Yes, we meant to say safe. Indoor air quality (IAQ) doesn’t just address how much dust is in your home or if you have mold. Poor air quality can have negative and dangerous effects on your family. The Sabre Plumbing, Heating & Air Conditioning technicians are bringing the importance of indoor air quality to light and sharing the basic information you need to know.

What Is Indoor Air Quality

Basic information you need to know about your home's indoor air qualityIndoor air quality refers to the air conditions in and around buildings and structures, including homes, apartments, offices, and restaurants. Because air quality greatly affects the health, comfort, and well-being of everyone inside the building, it’s important to know if your air quality is clean or polluted. In fact, poor air quality can lead to something called “Sick Building Syndrome”—where individuals experience symptoms or feel unwell for no apparent reason. It’s even been said to reduce productivity and impair learning in schools.

What Causes Poor Indoor Air Quality?

Many factors contribute to poor indoor air quality, like bacteria, second-hand smoke, radon (an invisible, odorless gas), mold and mildew, carbon monoxide, and volatile organic compounds (VOCs), which are emitted by paints, cleaning supplies, makeup, hairspray, candles, and other household items. This is why you see so many “all-natural” and “fragrance-free” items hitting store shelves. In high numbers, these irritants can lead to short- and long-term health effects.

How Can I Tell If My Air Quality Is Poor?

If your home or building has poor indoor air quality, you may notice one of these key signs:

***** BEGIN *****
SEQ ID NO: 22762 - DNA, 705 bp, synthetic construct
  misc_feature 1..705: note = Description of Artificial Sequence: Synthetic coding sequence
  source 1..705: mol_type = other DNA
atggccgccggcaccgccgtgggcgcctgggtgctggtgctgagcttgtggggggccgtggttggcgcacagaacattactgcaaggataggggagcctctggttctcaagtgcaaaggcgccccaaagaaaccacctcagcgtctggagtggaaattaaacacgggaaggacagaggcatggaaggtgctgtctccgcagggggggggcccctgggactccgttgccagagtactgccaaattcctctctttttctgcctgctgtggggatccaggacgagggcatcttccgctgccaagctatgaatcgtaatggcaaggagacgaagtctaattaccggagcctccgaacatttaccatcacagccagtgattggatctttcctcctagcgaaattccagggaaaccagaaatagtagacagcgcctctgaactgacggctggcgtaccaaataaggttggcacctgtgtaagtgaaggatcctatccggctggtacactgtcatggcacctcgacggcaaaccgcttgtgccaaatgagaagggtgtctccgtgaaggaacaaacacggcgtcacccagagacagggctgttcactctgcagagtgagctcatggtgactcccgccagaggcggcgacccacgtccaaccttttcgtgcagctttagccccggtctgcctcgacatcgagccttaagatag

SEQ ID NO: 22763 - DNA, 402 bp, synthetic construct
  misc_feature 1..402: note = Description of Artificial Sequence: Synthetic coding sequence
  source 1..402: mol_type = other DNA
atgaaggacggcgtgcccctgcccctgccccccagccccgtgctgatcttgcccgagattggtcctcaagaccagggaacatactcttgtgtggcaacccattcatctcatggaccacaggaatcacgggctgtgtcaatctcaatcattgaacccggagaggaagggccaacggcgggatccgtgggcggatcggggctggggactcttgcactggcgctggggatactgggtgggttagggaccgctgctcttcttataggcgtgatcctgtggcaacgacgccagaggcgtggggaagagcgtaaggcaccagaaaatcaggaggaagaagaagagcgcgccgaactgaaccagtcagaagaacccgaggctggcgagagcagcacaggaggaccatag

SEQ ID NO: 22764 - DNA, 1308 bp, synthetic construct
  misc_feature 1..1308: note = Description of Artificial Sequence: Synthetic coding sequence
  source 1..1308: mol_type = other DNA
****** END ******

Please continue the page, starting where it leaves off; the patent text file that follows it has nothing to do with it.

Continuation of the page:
• HVAC system inefficiency, which results in higher energy bills
  • Changes in humidity, whether it’s too high or too low
  • Uneven temperatures throughout your home or building
  • Stale odors lingering in the air
  • Frequent bloody noses

Pay attention to your health and see a doctor if you develop any of these symptoms:

  • Headaches
  • Fatigue
  • Shortness of breath
  • Allergies
  • Sinus congestion
  • Coughing and sneezing
  • Dry or irritated eyes, nose, throat, or skin

While each of these symptoms can be caused by other conditions, it’s important to rule out poor air quality. If left untreated, and under severe circumstances, poor air quality can lead to respiratory diseases, lung damage, and compromised immune systems.

How Can I Improve My Indoor Air Quality?

Consider a media air filter to remove irritants from the air. Or an air ventilator to replace stale indoor air with fresh outdoor air. But there are a few everyday things you can do to improve the air quality in your home:

  • Clean your home regularly to reduce dust and animal dander buildup
  • Change your air filter on a routine basis (i.e. every couple months for one-inch filters)
  • Open your windows on nice days to bring fresh air indoors
  • Maintain a balanced humidity level (between 35 and 50 percent)
  • Minimize your usage of synthetic air fresheners and candles
  • Use eco-friendly cleaners instead of harsh chemicals

Help! I Think I Have Poor Indoor Air Quality

If you suspect the air quality in your home isn’t up to snuff, it’s time to call in the pros. We expertly train our technicians on air quality—they can detect any problems, explain their severity, and recommend Bryant® products to alleviate problems now before they get even worse. Call 763-473-2267 or contact us to schedule an appointment today to keep your family safe.